Although closing offices in the eastern states was misconceived, the worst example of misguided policy to hit WA tourism was Tourism WA’s logic-defying decision to close marketing offices around the world. Not only did they close interstate offices; they decided to extend the policy across the globe. The decision to close trade offices in Japan, Singapore and Malaysia was made against the express wishes of the industry and is a glaring example of how the state government lacks experience and expertise in critical decision making, and of their unwillingness to listen to industry. Closing the marketing offices that sell WA to the world was a disaster and the WA tourism industry lost the professional staff in those countries and their expertise, experience and business relationships forever. Once again it was an unmitigated disaster for the industry and, realising their mistake, the government set about reversing their decision behind closed doors—a government of spin and misdirection.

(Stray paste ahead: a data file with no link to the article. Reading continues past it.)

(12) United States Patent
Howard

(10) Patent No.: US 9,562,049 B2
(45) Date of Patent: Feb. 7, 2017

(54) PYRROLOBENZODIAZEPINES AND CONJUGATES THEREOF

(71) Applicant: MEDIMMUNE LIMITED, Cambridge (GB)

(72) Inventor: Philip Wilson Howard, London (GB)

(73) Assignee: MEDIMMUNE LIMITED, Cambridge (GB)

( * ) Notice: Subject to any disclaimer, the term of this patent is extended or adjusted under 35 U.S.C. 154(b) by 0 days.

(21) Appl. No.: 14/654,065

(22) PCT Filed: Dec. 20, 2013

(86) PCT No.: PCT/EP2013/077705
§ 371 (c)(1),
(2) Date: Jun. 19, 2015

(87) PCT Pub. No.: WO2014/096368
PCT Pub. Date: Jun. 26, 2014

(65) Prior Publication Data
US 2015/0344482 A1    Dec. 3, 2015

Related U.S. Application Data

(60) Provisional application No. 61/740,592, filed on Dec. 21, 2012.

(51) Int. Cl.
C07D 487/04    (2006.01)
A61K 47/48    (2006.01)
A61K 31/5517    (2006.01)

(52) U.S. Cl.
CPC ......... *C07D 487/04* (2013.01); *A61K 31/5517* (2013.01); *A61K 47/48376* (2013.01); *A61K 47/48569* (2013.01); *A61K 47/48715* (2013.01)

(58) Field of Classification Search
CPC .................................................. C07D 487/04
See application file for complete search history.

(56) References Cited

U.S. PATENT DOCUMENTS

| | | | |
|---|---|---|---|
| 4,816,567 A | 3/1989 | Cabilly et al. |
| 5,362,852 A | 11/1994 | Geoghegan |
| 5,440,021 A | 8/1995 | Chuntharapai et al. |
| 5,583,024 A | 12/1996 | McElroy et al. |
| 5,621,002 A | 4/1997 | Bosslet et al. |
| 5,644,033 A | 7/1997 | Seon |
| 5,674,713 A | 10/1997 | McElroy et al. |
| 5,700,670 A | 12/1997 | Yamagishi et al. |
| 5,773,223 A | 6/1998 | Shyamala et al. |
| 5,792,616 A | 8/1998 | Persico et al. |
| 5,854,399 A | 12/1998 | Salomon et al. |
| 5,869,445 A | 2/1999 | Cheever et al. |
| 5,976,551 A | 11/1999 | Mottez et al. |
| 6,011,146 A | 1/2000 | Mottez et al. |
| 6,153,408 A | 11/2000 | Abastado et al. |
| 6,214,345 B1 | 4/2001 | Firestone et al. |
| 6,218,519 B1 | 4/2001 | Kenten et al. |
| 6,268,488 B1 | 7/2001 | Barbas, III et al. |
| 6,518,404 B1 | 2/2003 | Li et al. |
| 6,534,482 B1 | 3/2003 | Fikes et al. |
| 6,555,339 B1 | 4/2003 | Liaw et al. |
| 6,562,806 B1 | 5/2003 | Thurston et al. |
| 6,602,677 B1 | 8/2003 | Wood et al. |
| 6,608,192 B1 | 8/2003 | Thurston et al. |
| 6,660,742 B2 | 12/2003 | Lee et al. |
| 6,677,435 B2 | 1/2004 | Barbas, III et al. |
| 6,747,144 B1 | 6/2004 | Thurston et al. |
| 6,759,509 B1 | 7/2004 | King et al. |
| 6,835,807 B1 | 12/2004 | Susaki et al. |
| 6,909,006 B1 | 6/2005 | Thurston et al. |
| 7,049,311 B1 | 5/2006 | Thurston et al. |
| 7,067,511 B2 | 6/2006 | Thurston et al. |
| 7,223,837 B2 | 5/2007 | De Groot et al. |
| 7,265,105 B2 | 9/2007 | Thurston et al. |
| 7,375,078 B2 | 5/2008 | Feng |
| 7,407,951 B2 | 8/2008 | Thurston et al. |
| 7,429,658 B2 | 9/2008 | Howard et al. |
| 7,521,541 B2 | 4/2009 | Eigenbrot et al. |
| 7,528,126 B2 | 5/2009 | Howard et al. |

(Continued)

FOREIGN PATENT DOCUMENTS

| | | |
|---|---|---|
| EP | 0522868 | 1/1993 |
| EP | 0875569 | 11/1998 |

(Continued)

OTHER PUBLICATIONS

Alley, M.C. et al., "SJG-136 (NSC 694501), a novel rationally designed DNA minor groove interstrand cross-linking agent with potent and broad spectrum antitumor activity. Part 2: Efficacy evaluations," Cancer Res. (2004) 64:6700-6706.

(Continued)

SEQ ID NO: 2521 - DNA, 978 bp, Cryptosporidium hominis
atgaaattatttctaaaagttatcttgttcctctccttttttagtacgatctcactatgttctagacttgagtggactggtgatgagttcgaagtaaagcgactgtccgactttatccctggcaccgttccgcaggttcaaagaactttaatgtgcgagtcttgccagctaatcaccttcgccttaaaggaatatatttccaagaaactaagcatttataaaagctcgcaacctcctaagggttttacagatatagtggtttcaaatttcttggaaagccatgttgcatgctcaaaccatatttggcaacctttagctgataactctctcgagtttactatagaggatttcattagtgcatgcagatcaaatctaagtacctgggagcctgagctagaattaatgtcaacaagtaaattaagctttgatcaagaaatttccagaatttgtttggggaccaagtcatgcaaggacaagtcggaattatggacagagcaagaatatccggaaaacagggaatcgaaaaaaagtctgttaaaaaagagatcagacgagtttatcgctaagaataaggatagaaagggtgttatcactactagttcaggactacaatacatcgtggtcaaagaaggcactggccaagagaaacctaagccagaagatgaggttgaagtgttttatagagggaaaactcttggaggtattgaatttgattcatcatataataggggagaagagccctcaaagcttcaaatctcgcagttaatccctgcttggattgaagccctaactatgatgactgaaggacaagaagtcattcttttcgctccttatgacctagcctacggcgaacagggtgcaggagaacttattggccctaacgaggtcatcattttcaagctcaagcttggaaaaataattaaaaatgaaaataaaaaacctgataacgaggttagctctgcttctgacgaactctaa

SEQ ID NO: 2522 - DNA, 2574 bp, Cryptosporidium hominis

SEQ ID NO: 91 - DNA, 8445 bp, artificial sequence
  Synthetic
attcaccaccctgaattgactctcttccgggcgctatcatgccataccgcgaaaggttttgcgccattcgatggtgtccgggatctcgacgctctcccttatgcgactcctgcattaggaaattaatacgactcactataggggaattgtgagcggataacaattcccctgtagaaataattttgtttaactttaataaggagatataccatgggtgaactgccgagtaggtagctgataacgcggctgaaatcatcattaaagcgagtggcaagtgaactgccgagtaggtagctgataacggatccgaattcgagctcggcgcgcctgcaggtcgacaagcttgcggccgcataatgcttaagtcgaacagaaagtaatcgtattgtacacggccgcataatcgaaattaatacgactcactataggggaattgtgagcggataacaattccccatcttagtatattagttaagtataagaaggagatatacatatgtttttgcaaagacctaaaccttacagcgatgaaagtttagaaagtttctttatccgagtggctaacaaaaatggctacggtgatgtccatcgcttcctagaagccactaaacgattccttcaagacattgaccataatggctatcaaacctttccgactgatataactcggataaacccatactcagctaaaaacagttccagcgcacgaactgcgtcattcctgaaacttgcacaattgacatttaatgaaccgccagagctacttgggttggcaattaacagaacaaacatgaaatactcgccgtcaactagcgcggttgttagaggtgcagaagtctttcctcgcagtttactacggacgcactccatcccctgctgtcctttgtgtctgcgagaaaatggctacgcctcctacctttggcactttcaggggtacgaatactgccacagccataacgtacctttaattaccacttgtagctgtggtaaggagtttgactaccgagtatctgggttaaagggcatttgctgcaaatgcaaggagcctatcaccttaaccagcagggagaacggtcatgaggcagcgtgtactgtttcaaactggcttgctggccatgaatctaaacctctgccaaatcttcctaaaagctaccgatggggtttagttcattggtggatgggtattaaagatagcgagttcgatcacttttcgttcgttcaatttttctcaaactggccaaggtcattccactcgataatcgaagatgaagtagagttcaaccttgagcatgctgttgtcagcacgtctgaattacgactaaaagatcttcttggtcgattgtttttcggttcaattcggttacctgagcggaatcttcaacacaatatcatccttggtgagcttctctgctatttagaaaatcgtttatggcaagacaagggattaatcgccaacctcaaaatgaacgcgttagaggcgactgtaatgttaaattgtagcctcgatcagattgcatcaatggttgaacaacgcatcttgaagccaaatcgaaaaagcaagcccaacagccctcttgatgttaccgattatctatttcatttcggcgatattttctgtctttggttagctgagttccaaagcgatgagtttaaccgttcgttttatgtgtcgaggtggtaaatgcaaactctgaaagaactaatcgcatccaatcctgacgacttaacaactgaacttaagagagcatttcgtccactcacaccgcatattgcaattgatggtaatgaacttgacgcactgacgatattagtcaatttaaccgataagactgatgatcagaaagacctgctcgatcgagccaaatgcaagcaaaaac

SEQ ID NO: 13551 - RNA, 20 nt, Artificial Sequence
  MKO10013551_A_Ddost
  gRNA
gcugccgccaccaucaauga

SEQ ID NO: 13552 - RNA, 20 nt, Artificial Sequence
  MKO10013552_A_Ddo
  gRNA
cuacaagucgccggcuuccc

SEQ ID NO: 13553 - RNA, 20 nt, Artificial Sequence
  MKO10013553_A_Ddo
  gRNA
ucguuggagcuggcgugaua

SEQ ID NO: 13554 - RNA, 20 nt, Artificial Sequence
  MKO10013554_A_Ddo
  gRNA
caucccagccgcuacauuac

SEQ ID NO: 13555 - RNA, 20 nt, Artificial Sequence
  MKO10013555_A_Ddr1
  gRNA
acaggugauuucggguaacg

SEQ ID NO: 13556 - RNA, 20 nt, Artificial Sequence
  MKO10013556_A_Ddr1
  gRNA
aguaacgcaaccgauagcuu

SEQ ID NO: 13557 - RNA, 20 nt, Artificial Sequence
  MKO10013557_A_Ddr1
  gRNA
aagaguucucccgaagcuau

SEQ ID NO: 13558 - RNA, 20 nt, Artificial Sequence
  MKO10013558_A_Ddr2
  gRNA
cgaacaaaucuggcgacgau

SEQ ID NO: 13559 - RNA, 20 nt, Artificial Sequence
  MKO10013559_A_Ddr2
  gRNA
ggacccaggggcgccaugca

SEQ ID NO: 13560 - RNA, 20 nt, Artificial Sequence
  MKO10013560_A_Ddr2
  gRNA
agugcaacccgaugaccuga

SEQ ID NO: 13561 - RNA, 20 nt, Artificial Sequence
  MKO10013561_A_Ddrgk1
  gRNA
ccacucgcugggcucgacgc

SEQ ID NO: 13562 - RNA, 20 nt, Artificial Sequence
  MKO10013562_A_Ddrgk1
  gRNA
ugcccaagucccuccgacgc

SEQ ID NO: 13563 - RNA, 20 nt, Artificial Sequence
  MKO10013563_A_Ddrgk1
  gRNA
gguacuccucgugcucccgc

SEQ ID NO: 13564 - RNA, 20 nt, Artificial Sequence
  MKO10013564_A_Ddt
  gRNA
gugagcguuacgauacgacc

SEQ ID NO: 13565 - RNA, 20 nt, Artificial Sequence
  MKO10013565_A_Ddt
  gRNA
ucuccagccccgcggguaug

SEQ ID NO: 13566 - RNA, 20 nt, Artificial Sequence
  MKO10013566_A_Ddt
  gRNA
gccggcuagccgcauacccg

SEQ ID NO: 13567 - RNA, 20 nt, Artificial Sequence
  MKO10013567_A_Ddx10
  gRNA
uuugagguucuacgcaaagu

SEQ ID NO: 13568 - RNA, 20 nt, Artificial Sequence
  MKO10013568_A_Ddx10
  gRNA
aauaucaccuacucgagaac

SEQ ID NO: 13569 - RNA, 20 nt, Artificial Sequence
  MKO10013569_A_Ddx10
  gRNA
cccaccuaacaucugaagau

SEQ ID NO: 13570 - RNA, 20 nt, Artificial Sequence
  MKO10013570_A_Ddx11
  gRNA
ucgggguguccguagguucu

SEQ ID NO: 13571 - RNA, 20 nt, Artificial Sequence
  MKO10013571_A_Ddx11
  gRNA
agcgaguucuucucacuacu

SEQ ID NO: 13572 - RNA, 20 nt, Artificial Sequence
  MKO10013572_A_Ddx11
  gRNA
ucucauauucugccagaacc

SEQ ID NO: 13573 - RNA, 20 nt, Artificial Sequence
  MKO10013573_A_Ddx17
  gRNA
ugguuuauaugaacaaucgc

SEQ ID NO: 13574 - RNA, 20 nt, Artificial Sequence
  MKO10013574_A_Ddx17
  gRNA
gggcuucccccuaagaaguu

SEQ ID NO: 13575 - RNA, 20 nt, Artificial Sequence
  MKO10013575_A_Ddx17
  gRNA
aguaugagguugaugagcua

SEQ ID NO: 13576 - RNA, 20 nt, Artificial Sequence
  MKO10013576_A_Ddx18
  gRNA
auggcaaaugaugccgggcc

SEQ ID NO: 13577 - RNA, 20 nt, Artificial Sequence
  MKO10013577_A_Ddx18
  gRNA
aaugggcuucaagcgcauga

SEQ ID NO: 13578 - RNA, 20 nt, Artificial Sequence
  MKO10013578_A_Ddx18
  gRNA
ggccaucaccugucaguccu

Japan, obviously a very important office, was quietly reopened within a few months of closure. The question I ask is: why isn’t the Premier desperately concerned about this dire situation? The WA government needs to give tourism the profile and leadership it deserves. It would be a great idea if they followed the Queensland government’s lead, where Premier Beattie has responsibility for the tourism portfolio. That is how important Queensland views this matter. Western Australia needs to take a leaf out of that book.
Arguably, the worst performing sector out of a poor performing industry is the backpacker segment. As I mentioned earlier, Western Australia was the only state or territory in the entire country to suffer a decline—a 9.3 per cent decline—in backpacker numbers last financial year. According to research at Murdoch University, backpackers contribute four times as much as mainstream visitors, so any decrease—let alone a massive decrease—will hurt hostels, tour operators and the broader tourism industry. The neglect of the backpacker segment represents a lost opportunity for the WA economy, which is suffering huge labour constraints. If the Carpenter government gave tourism a higher priority they would recognise the potential of the huge labour pool of 500,000 backpackers who visit Australia each year, many of whom have working holiday visas and are desperately looking for work to pay for further travels. More concerning is that backpackers are considered an indicator for broader market trends. Backpackers are the first to change their travel patterns and then the wider market tends to follow. This is a very, very serious sign for WA tourism.